The United States often characterizes itself in the context of political rhetoric and public displays of patriotrism as the wealthiest and greatest nation in the world. Unfortunately, the wide variance of living standards represented in this plurality suggests that this is an experience reserved only for those with the means. Quite to the point, the poverty that a substantial percentage of Americans live with everyday indicates that this apparent enormity of wealth is not accessible to all. Indeed, the discussion here centers on the understanding that 50% of all of America's vast wealth is possessed by no more than 1% of Americans. This means that the wealthiest individuals in America on their own control more wealth than entire communities and regions. And as the discussion hereafter will show, this is a trend with serious and negative consequences…

Works Cited:

Cutter, W.B. IV; Federman, M.; Garner, T.I. Kiely, J. & Levine, D et al. (1996). What Does It

Mean to Be Poor in America? Monthly Labor Review, 119.

Galbraith, J.K. (1998). The Affluent Society. 40th Anniversary Edition. Mariner Books.

Rodrik, D. (2000). Growth and Poverty Reduction: What are the Real Questions? Finance & Development.

Poverty and Race in America
Words: 945 Length: 3 Pages Document Type: Term Paper Paper #: 9988902
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The paper looked at other possible explanations, such as teacher experience, but found little correlation (Mitchell, 2001).

In the weakest schools, 81% of the students qualified for free or reduced-price lunches. In the schools rated highest, only 3 1/2% of students qualified for such programs. In addition, school ratings dropped in direct proportion to the rise in number of students receiving subsidized lunches. The paper used subsidized lunches as one indication of the economic status of the students' families (Mitchell, 2001). Overall, among schools where 75% or more of the students were part of the subsidized lunch program, only four schools were rated "average." All others scored "low," or "unsatisfactory," and none were considered to be doing a better-than-average job of educating students (Mitchell, 2001). These schools also had largely minority student populations: about 20% were black, 68% were Hispanic, while 1% were Asian and 8% white, thus tying both…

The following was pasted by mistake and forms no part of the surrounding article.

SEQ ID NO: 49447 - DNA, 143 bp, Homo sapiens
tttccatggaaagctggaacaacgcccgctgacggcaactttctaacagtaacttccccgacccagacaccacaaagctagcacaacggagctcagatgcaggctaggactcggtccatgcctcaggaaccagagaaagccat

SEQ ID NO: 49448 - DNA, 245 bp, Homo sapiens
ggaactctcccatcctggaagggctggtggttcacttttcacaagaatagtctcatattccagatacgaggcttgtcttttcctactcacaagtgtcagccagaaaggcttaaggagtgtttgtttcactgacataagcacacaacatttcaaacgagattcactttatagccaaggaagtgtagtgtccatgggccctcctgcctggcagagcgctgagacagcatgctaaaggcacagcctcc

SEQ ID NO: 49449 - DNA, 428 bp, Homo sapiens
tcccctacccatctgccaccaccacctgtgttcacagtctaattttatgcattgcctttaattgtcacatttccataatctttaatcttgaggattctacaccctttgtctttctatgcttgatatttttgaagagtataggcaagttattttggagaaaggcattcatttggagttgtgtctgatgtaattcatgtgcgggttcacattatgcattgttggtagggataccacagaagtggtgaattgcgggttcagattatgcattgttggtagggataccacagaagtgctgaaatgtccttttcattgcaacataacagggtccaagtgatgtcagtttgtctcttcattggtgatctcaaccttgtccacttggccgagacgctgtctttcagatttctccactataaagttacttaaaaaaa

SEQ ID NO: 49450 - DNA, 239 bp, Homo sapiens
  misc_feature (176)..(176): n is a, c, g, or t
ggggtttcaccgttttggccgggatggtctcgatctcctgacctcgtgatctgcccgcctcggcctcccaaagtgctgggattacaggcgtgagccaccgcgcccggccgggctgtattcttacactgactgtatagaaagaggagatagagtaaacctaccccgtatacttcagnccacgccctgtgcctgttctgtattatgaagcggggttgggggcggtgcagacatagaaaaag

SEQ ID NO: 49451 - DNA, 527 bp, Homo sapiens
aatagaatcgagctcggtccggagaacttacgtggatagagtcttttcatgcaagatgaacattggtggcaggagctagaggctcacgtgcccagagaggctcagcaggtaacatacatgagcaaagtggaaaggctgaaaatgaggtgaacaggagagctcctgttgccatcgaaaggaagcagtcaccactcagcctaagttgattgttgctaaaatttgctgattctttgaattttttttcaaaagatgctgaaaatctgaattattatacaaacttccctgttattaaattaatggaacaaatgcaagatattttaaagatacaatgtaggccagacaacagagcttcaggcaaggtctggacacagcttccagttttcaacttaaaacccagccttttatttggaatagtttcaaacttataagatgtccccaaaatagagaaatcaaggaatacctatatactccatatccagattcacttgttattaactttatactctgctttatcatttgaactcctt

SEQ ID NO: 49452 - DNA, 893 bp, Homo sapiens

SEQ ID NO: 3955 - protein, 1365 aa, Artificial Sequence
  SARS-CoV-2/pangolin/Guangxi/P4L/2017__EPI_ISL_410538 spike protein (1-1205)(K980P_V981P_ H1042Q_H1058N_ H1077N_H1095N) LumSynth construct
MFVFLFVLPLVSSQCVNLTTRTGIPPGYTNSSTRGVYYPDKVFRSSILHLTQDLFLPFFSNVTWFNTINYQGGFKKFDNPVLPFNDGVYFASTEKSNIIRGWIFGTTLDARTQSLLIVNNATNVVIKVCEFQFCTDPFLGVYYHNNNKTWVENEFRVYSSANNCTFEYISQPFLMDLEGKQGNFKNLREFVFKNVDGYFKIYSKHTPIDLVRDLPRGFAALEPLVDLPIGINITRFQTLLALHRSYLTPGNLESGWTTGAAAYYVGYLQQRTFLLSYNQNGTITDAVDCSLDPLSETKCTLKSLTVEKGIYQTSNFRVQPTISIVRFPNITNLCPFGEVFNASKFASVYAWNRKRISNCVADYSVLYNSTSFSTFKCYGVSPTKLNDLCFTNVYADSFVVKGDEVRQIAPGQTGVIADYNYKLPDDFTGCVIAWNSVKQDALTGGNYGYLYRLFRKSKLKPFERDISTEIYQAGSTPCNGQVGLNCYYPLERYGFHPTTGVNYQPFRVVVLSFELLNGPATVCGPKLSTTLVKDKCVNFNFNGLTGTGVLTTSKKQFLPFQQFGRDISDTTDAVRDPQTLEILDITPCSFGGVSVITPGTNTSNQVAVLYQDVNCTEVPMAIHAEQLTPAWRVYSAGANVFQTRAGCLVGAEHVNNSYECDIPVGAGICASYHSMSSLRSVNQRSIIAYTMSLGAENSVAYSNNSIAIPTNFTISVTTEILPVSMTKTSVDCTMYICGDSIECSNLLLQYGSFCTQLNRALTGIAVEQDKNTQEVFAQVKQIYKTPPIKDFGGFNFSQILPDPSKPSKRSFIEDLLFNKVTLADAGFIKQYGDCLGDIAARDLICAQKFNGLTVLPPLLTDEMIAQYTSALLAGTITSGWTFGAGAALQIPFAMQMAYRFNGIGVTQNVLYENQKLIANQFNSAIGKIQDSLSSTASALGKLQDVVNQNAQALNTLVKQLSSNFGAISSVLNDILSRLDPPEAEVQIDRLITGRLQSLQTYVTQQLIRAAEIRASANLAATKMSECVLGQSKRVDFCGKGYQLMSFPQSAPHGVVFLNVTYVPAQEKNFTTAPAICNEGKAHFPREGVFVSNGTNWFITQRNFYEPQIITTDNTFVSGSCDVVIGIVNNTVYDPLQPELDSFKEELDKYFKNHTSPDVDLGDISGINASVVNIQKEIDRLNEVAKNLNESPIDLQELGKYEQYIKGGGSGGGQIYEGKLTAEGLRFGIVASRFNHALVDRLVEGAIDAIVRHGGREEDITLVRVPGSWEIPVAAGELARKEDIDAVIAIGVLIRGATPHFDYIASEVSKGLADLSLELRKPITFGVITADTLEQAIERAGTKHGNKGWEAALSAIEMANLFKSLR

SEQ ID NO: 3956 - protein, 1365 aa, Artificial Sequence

Bush, Rod. 2003. "The Civil Rights Movement and the continuing struggle for the redemption of America." Social Justice, Mar. 22.

Furdell, Phyllis. 1993. "Survey finds solutions to addressing poverty in local economic development initiatives." Nation's Cities Weekly, Sept. 13.

Mitchell, Nancy. 2001. "30 'Worst' Schools Named." Denver Rocky Mountain News, Sept. 14.

Petrie, Laurie. 1997. "Infant Death Rate Soars in Poor Areas." The Cincinnati Post, Oct. 28.

Poverty and Family Dysfunction Poverty
Words: 334 Length: 1 Pages Document Type: Essay Paper #: 32541256
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This is undoubtedly a necessary component, especially in those societies where most transactions are facilitated by transfers of cash for desired goods or services (Dixon and Macarov, 2)."

The dysfunction that arises from poverty involves self-esteem, domestic violence, drug and alcohol use and abuse, and child abuse (Dixon and Macarov, 130). It is a harsh reality, and one that, ultimately, costs the rest of society on a large scale. There are global initiatives to eliminate poverty, but the condition of poverty is one that is so widespread that the idea of eliminating poverty far exceeds the actual philanthropy necessary to do that.

orks Cited

Dixon, John, and David Macarov, eds. Poverty: A Persistent Global Reality. London: Routledge, 1998. Questia. 12 Oct. 2008

United States Census Bureau, found online at,2008. Retrieved 12 Oct. 2008

Works Cited


Poverty Duty the Ethic of
Words: 637 Length: 2 Pages Document Type: Essay Paper #: 50313761
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According to the pure mathematics of utilitarianism, then, there is very little debate regarding this issue. No matter what the circumstance, a person who is experiencing true biologically-driven hunger due to a lack of enough food to eat will get far more utility out of the most basic morsel of nutrition and substance that could be achieved by the most magnificent meal for those who are used to plenty (and this comparison is even unfair, as the magnificent meal could be traded to feed that many more hungry people). It is an ethical duty, then, for those of us privileged enough to have plenty to share it with those who do not have enough.

Extending this logic further allows us to answer the question of whether this duty is greater amongst our neighbors, or if there is a global mandate for all mankind. The answer would be very different two…

Is Global Poverty a Global Responsibility
Words: 2226 Length: 5 Pages Document Type: Essay Paper #: 48905512
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Global Poverty

The World Bank (2012) points out that "…nearly 1.3 billion people remain below the extreme poverty line with an income of U.S. $1.25 or less a day." The global financial institution further points out that "another 2.6 billion live on less than U.S. $2 a day, another common measurement of deep deprivation"(World Bank, 2012). It is important to note that although inequalities in terms of wealth exist regardless of which country one comes from, developing countries have been hit worst by the same.

In general terms, unemployment levels in Australia are relatively low. The levels of education in this case remain relatively high. Further, given the high average incomes of a vast majority of Australians, most citizens do not encounter many of the problems faced by millions of people from other nations. In a way, some of the most common problems the word's poorest people face are occasioned…